The deadly months. July and August. The weather often disappoints, the birds have stopped singing, the roads round here are crammed with mobile homes and caravans being towed, the beaches are also crammed full and, yes, it is thoroughly selfish of me to complain about it. But winter is best here. Empty everywhere. In high summer it is best to get back from any shopping trip by ten o'clock and then stay in the garden, to read, or write, cold drink to hand, intermittently watching the swallows high overhead.Anyone who lives near the ocean, or the mountains, or any tourist destination knows this sentiment. Often these areas are dependent upon tourist money to keep afloat. Many people do the seasonal jobs, and switch them with the seasons. There is a bit of a love/hate relationship with all the people who come. I've not had this kind of job, but I know that some workers are driven crazy by the demands the occasional tourist puts upon them.
I found this interesting.
It is a sad thing when you discover that a book you loved beyond many, a book of which you knew whole paragraphs and conversational exchanges by heart, a book you thought you would be wedded to for life, has lost its appeal, its charm, its ability to amuse and entertain, delight and impress. How does this happen? Does it mean the book has become dated, or outdated, its humour old-fashioned, its charm rusty, its brilliance tarnished? Was it a book you simply grew out of? Or one that, as you read more and got more life experience, could not keep up with you? Was it simply not up to the job, did it not bear any more re-readings, yield any more wisdom, reveal any new aspect to the wit, so that you laughed again but in a slightly different way?Do you feel this way about any particular books or authors? For a reader this is kind of like a break-up, or a slipping away of a friendship. You can't always put your finger on it, but you know that something has changed. Susan Hill goes on to tell the reader
What I am saying is that my love affair with E.F. Benson's Mapp and Lucia novels seems to be over. There are odd things that still delight... But I droop after reading three chapters of any of them and I no longer smile at all. It was a blow when this first happened. I decided it was just me and left the books alone for a while. But it went on happening. I found myself becoming impatient with these silly people - and that was fatal.Over the years of email groups and blogging, I've known a lot of people who absolutely love these books. I wonder if they would understand what she means. Personally, I saw Mapp and Lucia first on PBS ages ago, and could not stand the women! I never even tried the books.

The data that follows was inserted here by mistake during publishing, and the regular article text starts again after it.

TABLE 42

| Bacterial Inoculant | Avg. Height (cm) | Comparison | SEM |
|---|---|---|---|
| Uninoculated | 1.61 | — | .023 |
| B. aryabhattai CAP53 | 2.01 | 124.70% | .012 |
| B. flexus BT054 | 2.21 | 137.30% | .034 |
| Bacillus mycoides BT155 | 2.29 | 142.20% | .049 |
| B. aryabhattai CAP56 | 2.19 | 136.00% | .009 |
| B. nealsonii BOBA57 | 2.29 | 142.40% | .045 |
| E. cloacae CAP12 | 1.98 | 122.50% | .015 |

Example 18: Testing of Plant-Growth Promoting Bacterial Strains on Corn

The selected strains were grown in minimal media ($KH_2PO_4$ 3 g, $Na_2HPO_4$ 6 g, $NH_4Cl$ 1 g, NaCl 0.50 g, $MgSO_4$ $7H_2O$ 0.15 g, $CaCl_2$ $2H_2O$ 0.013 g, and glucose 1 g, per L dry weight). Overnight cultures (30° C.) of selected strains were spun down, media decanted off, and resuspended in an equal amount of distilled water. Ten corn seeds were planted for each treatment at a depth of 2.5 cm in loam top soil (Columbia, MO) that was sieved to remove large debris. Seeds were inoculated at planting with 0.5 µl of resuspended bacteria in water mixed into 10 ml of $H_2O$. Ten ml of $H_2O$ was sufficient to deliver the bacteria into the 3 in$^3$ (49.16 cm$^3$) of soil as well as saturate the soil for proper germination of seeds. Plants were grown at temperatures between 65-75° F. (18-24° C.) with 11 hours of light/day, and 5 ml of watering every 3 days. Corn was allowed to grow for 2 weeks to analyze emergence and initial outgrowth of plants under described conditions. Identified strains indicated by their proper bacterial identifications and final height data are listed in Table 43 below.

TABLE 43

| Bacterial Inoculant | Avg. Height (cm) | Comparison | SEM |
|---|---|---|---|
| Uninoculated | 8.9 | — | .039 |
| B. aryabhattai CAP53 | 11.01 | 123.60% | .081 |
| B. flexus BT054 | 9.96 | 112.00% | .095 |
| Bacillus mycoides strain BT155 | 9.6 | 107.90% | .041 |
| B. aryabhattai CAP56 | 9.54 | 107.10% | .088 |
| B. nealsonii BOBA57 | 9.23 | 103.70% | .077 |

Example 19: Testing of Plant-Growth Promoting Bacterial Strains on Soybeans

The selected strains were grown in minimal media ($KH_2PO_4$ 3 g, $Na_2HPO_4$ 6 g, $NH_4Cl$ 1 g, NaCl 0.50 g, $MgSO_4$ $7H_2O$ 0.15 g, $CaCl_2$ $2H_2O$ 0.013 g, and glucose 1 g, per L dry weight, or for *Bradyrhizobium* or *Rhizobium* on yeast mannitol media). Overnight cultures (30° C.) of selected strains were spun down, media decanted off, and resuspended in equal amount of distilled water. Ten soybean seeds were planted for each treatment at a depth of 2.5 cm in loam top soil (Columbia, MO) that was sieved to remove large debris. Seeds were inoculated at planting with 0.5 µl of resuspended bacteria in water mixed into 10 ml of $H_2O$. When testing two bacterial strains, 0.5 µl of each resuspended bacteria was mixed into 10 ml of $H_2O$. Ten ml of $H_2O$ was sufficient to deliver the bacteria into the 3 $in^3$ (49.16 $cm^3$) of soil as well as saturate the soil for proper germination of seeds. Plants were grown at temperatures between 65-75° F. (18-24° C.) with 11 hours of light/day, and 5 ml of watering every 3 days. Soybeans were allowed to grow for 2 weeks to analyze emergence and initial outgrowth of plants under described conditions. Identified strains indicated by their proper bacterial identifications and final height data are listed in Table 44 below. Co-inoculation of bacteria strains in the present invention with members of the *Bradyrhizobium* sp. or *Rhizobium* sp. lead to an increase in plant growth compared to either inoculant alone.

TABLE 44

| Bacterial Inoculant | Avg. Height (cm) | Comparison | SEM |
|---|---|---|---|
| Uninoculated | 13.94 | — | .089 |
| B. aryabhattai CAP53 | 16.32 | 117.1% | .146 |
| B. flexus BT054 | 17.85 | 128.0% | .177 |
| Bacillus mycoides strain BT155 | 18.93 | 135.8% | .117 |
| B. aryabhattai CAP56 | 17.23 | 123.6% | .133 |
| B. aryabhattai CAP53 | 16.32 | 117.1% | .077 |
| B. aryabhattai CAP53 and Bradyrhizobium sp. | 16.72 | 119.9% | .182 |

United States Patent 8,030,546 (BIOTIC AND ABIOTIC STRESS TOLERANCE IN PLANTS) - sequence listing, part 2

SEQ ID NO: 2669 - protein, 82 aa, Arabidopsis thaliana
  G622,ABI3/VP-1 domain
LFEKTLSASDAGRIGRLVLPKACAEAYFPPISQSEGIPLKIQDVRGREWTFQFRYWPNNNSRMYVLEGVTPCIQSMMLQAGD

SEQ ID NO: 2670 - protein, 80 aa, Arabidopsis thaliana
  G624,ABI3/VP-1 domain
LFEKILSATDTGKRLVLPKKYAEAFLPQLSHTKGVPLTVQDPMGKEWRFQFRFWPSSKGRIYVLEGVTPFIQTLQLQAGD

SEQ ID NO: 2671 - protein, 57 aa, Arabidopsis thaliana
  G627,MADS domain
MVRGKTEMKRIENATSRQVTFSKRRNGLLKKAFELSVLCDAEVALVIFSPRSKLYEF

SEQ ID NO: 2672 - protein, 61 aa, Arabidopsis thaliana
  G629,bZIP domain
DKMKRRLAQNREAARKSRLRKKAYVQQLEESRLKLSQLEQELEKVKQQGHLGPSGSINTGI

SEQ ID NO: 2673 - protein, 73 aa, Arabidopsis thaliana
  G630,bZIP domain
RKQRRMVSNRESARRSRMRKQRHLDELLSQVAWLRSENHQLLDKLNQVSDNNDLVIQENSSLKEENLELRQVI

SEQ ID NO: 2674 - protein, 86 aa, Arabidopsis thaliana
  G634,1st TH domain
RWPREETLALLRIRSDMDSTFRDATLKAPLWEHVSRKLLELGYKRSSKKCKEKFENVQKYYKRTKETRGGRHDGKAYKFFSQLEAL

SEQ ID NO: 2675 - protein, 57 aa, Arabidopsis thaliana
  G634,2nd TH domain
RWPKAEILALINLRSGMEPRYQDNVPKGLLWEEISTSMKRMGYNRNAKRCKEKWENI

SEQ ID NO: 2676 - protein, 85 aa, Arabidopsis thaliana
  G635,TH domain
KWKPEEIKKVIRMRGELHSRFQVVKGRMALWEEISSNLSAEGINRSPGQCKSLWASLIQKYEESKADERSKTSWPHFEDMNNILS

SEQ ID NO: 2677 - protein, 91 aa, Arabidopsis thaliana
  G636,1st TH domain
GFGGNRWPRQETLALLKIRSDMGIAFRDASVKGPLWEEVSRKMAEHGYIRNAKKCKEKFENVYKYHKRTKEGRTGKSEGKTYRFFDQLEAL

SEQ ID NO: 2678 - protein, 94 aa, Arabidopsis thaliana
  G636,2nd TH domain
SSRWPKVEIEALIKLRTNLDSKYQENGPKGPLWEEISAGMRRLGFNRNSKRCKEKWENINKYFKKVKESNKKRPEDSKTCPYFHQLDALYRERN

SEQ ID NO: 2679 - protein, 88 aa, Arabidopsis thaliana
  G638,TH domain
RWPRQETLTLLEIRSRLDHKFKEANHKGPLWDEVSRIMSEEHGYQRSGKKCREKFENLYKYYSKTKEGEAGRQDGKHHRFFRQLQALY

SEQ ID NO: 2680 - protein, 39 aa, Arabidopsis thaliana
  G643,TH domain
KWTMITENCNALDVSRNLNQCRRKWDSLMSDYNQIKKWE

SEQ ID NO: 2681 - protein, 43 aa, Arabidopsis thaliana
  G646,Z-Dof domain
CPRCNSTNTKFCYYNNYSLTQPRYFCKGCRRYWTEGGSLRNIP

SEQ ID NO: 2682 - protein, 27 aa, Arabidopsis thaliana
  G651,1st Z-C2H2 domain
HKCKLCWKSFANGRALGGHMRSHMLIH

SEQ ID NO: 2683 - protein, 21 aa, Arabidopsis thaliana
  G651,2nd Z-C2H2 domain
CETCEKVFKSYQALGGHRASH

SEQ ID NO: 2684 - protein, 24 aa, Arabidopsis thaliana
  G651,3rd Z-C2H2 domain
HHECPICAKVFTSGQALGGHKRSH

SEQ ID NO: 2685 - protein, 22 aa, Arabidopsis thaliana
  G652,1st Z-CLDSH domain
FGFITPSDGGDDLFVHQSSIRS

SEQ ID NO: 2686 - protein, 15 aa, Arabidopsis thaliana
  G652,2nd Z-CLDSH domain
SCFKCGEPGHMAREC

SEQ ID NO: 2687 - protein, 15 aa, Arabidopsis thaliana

Susan is very concerned about the decrease in small nesting birds.
In his Natural History of Selborne, Gilbert White records not only dozens upon dozens of sparrows but of every other sort of 'common' bird - thrushes, blackbirds, finches, tits - as well as the migrants. ... Even in my own childhood, there were probably several hundred percent more song birds than now. The telephone wires were lined with swallows and martins, the air thick with swifts.
The loss of so many over the last hundred years or so is forgotten - everyone talks about the pandas and the tigers and the giraffes, and of course they are important. Meanwhile, not far from home, people trap thousands of small birds for food.And she later writes
Watched a hen harrier on the marshes. There are several pairs, always visible, swooping across, looking for prey. They were rare once, but now they are common. The campaign to make hawks protected birds has seen to this, so they breed safely and murder small birds unhampered.It is really difficult for me to read all this. Heartbreaking.
She writes of one of her (and my) favorite writers, P.G. Wodehouse. She has encouraged people to read him, and
some cannot get past the receding chins, the brainlessness, the vacuousness, the frippery, the juvenile mentality of the characters. The only one to whom none of the above descriptions apply is, of course, Jeeves. Lord Emsworth sometimes succeeds where Bertie Wooster fails, but I never press home my argument about Wodehouse, because if the magic doesn't work, it doesn't and never will. It is the uncomprehending reader's loss. Nobody half likes Wodehouse... You are an addict or you are left stone cold.I openly admit, I am that addict. I've often said that his writing is second only (maybe) to Shakespeare's. I agree when Susan notes that he is a "master of the language, whose plots and characters are of second and third importance to the writing."
Another wonderful month spent in Susan Hill's company.